Barbiturates | Types, Uses, Side Effects, & Abuse Potential
Barbiturates are sedative-hypnotic drugs that have largely been replaced by benzodiazepines since their high potential for abuse became apparent in the 1980s. However, barbiturates may still be prescribed in cases where other medications are ineffective.
Barbiturates are a class of drugs derived from barbituric acid. They are sedative-hypnotic drugs, which means they make you feel relaxed and sleepy.
Although they have some legitimate medical uses, they pose a high risk of overdose and addiction. That’s why many doctors in Ohio and the rest of the country no longer prescribe them.
Barbiturate Drug List
Barbiturates are prescription drugs that act as central nervous system depressants. That means they slow down your brain activity. They cause relaxation and drowsiness by increasing the activity of a neurotransmitter (brain chemical) called gamma-aminobutyric acid, or GABA.
There are four main types of barbiturates: ultra-short acting barbiturates, short-acting barbiturates, intermediate-acting barbiturates, and long-acting barbiturates.
Ultra-Short Acting Barbiturates
The effects of ultra-short acting barbiturates last about 15 minutes when used intravenously and between 45 and 60 minutes when used in rectal suppository form. These drugs include:
- methohexital (sold under the brand names Brevital and Brietal)
- thiamylal (Surital)
- thiopental (Pentothal)
The effects of short-acting barbiturates last about three to four hours. These drugs include:
- pentobarbital (Nembutal)
- secobarbital (Seconal)
The effects of intermediate-acting barbiturates last about four to six hours. These drugs include:
The effects of long-acting barbiturates last up to 12 hours, though the drugs may stay in your system for up to a few days. They include:
- mephobarbital (Mebaral)
- phenobarbital (Luminal and Solfoton)
- primidone (Mysoline)
What Are Barbiturates Used For?
In the 1960s, barbiturates became a well-known treatment option for anxiety, insomnia, and epilepsy (seizure disorder). However, their popularity faded in the 1970s when benzodiazepines were introduced as a safer alternative.
Today, barbiturates are only prescribed in rare cases.
For example, they may be used to treat severe cases of insomnia or epilepsy that have not responded to other, safer treatments. They are also sometimes used as general anesthetics (medicines that make you go unconscious before surgery or other medical procedures).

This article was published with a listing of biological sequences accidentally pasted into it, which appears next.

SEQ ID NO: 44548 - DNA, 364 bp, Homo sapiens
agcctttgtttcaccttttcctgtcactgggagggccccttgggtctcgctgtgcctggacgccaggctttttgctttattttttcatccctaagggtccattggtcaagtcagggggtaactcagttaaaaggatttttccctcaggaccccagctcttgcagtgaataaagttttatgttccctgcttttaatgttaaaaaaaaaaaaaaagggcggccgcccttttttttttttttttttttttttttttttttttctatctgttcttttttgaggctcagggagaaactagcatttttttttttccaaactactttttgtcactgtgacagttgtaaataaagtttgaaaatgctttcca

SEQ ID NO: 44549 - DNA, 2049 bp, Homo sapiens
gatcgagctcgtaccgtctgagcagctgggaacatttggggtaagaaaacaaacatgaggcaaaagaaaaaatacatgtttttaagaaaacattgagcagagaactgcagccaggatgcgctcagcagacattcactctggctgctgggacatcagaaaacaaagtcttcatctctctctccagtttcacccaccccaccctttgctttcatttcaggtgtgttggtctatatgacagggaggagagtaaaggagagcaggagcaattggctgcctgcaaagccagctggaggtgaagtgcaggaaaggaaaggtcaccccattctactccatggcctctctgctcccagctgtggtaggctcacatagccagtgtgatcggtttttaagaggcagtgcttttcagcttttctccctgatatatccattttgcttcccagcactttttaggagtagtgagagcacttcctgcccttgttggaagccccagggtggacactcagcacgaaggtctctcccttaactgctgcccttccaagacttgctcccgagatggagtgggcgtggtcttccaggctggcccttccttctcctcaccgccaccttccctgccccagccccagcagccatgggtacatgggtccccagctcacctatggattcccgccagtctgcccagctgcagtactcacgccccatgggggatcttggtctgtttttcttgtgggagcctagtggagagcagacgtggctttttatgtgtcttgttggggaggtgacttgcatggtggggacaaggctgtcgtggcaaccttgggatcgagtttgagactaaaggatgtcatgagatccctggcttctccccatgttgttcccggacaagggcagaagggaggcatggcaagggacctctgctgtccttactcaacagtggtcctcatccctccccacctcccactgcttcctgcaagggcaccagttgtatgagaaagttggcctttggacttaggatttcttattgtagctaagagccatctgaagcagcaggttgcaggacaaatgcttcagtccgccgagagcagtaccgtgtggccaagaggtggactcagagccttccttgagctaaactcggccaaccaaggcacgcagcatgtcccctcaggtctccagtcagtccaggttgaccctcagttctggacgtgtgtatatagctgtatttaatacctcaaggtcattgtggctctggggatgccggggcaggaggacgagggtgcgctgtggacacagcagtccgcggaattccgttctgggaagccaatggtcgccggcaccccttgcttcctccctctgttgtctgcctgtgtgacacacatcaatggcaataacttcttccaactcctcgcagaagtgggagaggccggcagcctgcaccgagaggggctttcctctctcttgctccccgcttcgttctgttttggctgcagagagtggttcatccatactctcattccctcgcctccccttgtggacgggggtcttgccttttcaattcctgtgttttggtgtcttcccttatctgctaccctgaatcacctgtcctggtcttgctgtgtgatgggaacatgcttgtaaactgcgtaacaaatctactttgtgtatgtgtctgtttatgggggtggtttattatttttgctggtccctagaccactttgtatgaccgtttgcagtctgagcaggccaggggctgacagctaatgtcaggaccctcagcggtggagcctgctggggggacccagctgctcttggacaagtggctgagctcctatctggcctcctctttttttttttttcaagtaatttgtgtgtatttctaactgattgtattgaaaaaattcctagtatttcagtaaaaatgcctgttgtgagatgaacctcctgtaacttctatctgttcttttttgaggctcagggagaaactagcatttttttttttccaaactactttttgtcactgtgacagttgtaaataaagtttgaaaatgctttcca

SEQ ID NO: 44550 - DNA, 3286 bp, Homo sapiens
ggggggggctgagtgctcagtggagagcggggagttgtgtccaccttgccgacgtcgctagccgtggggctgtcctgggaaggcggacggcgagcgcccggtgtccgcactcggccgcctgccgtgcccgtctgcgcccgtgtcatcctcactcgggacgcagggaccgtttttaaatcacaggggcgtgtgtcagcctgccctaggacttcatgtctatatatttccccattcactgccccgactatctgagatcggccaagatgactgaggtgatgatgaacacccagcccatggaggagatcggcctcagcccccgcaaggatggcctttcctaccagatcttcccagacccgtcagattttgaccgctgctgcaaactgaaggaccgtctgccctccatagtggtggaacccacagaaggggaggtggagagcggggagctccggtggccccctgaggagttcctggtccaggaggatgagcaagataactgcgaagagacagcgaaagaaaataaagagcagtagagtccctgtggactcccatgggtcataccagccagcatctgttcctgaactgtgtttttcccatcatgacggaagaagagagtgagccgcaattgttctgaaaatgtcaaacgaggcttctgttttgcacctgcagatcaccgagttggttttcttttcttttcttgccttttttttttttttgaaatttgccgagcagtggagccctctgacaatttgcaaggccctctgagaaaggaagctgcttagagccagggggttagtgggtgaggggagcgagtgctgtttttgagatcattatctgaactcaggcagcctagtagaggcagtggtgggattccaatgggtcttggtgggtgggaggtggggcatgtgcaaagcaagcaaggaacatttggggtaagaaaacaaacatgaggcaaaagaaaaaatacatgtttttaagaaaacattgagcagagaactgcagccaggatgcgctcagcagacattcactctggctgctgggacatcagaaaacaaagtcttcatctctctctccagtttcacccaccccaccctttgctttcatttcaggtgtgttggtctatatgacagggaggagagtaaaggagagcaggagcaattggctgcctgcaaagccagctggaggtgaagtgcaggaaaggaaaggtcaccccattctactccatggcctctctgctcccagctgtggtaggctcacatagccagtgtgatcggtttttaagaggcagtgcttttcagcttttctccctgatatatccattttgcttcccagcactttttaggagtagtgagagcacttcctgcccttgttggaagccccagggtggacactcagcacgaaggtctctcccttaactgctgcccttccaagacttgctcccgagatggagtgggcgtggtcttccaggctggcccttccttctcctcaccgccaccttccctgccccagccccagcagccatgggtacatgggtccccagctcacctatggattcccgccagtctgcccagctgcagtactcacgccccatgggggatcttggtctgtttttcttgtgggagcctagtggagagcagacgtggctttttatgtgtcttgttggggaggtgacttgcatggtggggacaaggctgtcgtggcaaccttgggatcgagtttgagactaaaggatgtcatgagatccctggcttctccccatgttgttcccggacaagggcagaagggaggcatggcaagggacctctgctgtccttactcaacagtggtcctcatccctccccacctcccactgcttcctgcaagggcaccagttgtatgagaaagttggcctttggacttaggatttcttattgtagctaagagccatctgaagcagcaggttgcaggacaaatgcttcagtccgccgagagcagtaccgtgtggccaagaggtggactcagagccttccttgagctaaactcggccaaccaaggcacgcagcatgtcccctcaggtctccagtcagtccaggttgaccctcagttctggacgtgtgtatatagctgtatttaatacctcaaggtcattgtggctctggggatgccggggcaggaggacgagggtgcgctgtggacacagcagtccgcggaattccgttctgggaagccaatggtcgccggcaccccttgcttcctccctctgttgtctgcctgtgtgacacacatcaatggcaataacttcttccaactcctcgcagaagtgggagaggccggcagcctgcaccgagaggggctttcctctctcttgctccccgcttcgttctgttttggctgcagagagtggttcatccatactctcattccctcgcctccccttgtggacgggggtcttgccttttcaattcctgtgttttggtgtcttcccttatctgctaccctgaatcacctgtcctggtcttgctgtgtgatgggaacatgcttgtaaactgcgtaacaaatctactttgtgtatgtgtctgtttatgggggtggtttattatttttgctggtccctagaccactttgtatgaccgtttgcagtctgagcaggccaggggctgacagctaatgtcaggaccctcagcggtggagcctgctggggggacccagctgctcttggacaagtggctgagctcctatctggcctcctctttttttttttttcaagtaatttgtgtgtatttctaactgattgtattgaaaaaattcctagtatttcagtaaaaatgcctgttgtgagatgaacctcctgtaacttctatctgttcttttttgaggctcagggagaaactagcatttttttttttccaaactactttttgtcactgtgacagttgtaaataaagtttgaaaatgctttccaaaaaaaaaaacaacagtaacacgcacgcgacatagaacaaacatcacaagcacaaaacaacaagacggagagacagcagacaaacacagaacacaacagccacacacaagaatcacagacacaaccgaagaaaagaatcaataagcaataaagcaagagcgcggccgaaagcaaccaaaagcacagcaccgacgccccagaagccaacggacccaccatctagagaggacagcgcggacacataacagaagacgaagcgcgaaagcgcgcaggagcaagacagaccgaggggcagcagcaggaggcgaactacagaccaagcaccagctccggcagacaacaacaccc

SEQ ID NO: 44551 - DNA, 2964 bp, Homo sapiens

Side Effects Of Barbiturates
Barbiturates can have a number of adverse effects, both physical and psychological.
The most common physical side effects of barbiturates include:
- slurred speech
- vision problems
- poor coordination
- nausea and vomiting
The most common psychological side effects of barbiturates include:
- poor concentration
- poor judgment
- lowered inhibitions
- memory problems
- low blood pressure
Like alcohol, barbiturates can make you feel calm and happy. That’s why some people abuse them.
Barbiturate abuse occurs when people use the drugs in a manner not prescribed. For example, they might use barbiturates more often than prescribed, at higher doses than prescribed, or without a prescription. They may also mix barbiturates with alcohol or other drugs.
Many people who abuse barbiturates buy them on the illegal drug market, where they’re sold under street names like “barbs,” “goof balls,” and “yellow jackets.”
When you abuse barbiturates, you’re more likely to experience their side effects. You also face a high risk of overdose.
The most common signs of barbiturate overdose include:
- muscle weakness
- trouble breathing
- extreme thirst
- change in pupil size
- bluish lips and/or fingernails
- low body temperature
- loss of consciousness
If you or someone you know experiences these symptoms, call 911 right away. When left untreated, a barbiturate overdose can be fatal.
Addiction Treatment Options In Ohio
To learn more about barbiturate addiction treatment options, please reach out to Ohio Recovery Center. Our board-certified healthcare providers offer personalized, evidence-based care to help you or your loved one thrive.